Choose Well. Buy Less



Buy Less, Choose Well & Make It Last  – these wise words were spoken by iconic British designer Vivienne Westwood. In a live interview, Westwood spoke about capitalism and the need to change our spending behavior and address the ethical and environmental issues of the fashion industry.  There are many reasons why you may want to buy less closet items. You may want to reduce the environmental footprint of clothing production, break the fast fashion cycle, or curb some psychological reasons for shopping.  Or, you may just be tired of buying clothes that don’t FIT well. 

Consider this as 2023 Plans or New Year's Resolution that could have limitless possibilities. 

  • Intentional purchasing - ✔
  • Less overall volume - ✔
  • More satisfying solutions - ✔
  • Wearability and Fit - ✔ and ✔

When it comes to making better fashion choices we have two options. Option 1: you can spend money on a large quantity of low-quality pieces that are trendy right now but are cheap enough to discard once the 'gram has seen them.  Option 2: you can spend the same amount of money buying fewer pieces that are high-quality, go with almost every outfit, and will last for the next few years. We are all guilty of thinking we get good value from Option 1. But it’s not long before all those pieces end up at the back of your closet, never to be worn again. The true value comes from having a wardrobe of outfits that you’ll wear time and time again. 

Do you shop for trends every season and/or Shop because of boredom? 

The first step to buying less clothes, is to figure out why you are buying clothes. Examine the things that give you the urge to shop. If it’s sales and trends, you might question the brands you’re shopping. Clothing brands, especially fast fashion companies, encourage you to get more, more, more. They benefit from making you feel like you have to reinvent yourself. - If you’re bored, look at what you’re doing when you get the urge to shop. Are you browsing Pinterest, or are some ads piquing your interest? It has become so easy to click, and add another piece of clothing to your basket when shopping online, so try going outside to the stores. 

Will you Love it for a Lifetime?

How much use you’ll get out of an item is the cornerstone of determining its actual cost to you. A $25 dollar purse might feel like a great buy in the moment, but 6 months or a year down the road will you still be using it? Will it have held up well? Will you still love the style? If you don’t, can you resell it? There's a chance the impulse-buy bag is likely made out of plastic or other synthetic materials, with construction commensurate to its price tag. It may look cute on the shelf, but after 6 months of heavy use (because we all know our go-to bags take a beating), it will likely be fraying or worn. 

Take Better Care of the Clothes you Have.

Even if you can’t replace your entire wardrobe, one thing we can all do is take better care of our clothes. Simple things like checking the care instructions can ensure your clothes don’t become worn out and dull over time. Washing your clothes less frequently in general not only helps maintain the quality of your clothing, but is also better for the environment as it reduces water waste and water pollution from detergents. Another great way to make your clothes last longer is to learn how to do basic repairs. Being able to replace a button or stitch up a small rip in your clothing means you can avoid throwing away pieces that are otherwise still wearable.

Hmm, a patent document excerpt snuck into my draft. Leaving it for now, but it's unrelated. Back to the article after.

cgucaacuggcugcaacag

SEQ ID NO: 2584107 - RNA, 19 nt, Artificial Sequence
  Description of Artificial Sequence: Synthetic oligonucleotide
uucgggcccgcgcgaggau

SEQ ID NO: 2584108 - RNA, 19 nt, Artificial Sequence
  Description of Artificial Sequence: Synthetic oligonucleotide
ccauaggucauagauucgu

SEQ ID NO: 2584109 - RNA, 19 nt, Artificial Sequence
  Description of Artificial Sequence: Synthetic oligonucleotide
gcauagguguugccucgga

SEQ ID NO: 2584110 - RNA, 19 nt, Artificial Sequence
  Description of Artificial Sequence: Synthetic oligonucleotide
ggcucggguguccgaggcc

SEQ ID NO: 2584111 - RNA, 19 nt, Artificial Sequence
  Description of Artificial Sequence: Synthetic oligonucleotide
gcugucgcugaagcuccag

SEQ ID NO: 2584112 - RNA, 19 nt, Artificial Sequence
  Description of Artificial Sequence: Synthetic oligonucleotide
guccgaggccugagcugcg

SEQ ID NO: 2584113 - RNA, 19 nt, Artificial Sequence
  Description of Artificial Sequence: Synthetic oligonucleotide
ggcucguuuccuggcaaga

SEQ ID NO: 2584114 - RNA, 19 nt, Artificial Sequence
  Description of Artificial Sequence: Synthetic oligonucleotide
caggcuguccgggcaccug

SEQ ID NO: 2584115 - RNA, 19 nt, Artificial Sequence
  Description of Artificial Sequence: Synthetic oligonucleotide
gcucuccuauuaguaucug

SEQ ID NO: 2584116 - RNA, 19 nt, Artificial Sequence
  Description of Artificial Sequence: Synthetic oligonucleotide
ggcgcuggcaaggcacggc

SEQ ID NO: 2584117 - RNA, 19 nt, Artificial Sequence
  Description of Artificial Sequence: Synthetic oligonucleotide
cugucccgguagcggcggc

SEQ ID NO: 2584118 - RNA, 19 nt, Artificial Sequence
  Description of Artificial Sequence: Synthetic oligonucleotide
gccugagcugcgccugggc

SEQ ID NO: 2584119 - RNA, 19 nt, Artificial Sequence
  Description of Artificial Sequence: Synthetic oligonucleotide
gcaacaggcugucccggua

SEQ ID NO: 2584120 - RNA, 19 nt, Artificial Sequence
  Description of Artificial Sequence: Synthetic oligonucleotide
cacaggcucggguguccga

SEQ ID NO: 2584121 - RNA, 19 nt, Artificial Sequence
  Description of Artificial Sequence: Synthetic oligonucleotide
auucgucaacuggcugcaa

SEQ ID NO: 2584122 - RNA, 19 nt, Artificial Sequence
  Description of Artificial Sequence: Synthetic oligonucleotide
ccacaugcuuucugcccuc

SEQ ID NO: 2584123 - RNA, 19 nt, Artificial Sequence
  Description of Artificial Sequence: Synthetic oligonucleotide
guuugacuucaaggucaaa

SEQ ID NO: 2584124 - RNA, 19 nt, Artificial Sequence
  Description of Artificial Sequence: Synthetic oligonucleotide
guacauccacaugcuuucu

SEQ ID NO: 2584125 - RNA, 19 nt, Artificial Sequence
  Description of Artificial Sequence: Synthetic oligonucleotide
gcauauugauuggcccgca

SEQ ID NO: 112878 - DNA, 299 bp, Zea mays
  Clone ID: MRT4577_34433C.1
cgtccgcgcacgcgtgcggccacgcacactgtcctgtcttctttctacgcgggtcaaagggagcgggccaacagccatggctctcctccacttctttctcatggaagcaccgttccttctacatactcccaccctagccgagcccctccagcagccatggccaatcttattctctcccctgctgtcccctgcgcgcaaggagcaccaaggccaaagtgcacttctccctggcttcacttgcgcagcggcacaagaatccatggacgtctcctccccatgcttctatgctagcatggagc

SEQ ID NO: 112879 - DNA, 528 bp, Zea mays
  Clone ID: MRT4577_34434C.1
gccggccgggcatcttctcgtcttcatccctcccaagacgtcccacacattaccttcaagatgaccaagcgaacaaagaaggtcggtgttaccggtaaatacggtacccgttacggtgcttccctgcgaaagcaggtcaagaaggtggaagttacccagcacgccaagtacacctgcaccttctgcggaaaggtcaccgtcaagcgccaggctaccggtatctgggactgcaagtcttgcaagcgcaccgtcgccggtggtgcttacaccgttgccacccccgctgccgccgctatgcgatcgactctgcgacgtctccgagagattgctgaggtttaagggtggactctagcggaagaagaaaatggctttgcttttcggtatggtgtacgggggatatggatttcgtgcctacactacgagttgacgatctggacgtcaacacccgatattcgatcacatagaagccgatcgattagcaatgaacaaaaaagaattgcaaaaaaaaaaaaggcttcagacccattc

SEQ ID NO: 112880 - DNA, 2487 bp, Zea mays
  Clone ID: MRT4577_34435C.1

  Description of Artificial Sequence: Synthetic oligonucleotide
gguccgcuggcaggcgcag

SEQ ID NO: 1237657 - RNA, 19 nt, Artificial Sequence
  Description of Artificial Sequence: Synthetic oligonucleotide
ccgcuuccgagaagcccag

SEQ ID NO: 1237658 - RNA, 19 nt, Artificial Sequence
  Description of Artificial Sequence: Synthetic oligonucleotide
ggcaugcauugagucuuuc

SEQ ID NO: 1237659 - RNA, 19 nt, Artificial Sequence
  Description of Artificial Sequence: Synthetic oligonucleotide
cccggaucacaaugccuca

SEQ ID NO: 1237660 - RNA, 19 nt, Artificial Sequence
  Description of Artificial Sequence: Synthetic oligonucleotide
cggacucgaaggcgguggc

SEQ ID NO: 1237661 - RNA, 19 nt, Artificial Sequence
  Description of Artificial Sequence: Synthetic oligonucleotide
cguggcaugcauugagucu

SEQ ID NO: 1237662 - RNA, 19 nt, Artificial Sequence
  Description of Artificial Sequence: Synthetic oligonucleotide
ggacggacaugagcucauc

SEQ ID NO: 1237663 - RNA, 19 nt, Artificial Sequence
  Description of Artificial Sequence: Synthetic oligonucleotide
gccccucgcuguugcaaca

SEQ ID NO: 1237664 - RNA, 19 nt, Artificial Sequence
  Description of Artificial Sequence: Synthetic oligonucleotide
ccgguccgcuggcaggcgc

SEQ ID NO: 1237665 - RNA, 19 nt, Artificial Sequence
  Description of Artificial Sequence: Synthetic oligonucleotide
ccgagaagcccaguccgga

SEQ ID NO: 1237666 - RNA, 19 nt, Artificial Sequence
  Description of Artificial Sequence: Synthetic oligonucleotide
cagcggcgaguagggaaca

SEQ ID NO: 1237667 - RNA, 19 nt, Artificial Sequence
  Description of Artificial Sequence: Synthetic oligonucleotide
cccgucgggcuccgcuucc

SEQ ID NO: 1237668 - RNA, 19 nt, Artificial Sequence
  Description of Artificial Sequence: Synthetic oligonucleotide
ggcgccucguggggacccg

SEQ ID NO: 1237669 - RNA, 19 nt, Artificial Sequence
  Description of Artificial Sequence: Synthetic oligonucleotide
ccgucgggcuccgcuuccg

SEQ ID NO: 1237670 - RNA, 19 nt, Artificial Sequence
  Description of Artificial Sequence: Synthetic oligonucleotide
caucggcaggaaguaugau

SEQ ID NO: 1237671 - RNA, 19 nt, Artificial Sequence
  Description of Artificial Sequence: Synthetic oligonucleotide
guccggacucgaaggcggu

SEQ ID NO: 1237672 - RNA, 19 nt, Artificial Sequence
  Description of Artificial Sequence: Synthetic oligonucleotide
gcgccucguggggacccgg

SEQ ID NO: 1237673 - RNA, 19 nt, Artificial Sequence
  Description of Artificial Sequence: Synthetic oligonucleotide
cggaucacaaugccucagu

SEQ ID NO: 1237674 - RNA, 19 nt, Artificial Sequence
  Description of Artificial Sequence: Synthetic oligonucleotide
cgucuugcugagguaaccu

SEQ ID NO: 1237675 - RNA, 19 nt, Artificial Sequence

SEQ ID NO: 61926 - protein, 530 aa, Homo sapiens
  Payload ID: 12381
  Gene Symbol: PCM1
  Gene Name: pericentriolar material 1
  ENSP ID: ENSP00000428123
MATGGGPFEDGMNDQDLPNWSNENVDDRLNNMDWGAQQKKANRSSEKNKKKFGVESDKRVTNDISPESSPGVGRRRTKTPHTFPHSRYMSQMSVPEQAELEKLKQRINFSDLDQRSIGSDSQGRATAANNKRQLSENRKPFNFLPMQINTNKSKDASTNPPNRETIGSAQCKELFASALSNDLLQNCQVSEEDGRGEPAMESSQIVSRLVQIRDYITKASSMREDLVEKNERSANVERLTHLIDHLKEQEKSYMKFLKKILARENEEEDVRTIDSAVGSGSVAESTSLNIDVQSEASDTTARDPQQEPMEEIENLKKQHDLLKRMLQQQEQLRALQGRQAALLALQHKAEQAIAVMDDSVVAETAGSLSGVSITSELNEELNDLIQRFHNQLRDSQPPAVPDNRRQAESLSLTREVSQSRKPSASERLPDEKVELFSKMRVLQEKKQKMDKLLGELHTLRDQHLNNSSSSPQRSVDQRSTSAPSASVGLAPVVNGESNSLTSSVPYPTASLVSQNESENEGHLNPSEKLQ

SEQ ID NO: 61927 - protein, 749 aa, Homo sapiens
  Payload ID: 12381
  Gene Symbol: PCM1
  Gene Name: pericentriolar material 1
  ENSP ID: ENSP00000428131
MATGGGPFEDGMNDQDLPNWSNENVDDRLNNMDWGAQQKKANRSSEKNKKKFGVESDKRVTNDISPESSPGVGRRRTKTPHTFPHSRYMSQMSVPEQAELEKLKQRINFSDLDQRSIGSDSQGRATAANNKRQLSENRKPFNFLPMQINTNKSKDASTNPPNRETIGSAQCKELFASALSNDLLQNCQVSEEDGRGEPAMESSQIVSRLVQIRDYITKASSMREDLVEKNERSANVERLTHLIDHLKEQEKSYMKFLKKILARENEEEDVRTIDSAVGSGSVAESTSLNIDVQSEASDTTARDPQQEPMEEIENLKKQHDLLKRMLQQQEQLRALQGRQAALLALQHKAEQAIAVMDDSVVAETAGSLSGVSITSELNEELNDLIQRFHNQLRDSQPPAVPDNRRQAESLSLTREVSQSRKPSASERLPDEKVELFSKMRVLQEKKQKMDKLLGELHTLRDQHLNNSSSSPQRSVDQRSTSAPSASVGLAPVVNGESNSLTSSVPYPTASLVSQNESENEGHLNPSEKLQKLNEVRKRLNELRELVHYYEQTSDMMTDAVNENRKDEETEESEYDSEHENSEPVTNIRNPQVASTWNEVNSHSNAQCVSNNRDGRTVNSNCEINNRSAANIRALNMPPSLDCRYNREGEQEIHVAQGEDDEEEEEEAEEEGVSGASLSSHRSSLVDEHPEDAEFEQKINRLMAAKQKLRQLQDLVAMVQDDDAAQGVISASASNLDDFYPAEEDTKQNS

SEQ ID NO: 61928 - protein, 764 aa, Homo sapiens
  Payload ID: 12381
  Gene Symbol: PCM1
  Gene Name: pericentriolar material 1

Do you remember your Mom telling you about separating your garments into whites and colors, and not mixing delicates with tougher fabrics? There was some good reasoning behind that after all. Make it last!  Buying less, choosing well and making it last speaks beyond our clothes. It is about a way of life where we have a sustainable and kind collaboration with the environment, which provides us with so much of our livelihood. There's a lot of talk lately about 'Slow & Sustainable Fashion'.

So, what is Slow/Sustainable Fashion?

Slow fashion is about shopping intentionally and realizing that less is better. It is making the purposeful choice to buy better-quality items, less often than purchasing cheap items frequently. Sustainable fashion, also called "eco fashion". The goal is to create a system which can be supported indefinitely regarding human impact on the environment and social responsibility. It can be seen as an alternative trend against Fast fashion.  Read about some of the best brands Here.

Set Criteria that New clothing needs to Meet.

Create a specific list that your clothing needs to meet, so you can eliminate things you don’t need before you even buy them. Do you work in an office or need sturdy clothes for the outdoors? Do you have to run to daycare twice daily, or do you need to dress up often? Does your clothes really fit your lifestyle?  Is it worth it if you only wear it a few times?  Having a wish list curbs impulse buying, and you can create an inspirational mood board with a few photos of your loved pieces.

My criteria for purchasing new clothes is simple. One new item in, one Out. In other words, one old item has to go, so I can reuse the hanger. If you’ve already made the switch to slow fashion, and want to share. Let us know. . .What you choose and why?  And, Are you still loving them today?  

** Thanks for Visiting! This post is F Y E. I'm not a Stylist/Fashion Consultant, and NOT giving any advice here! If you like this post, please comment & Email it to others.  Don’t forget to follow me on Bloglovin, and Pinterest Or Subscribe to see More.**

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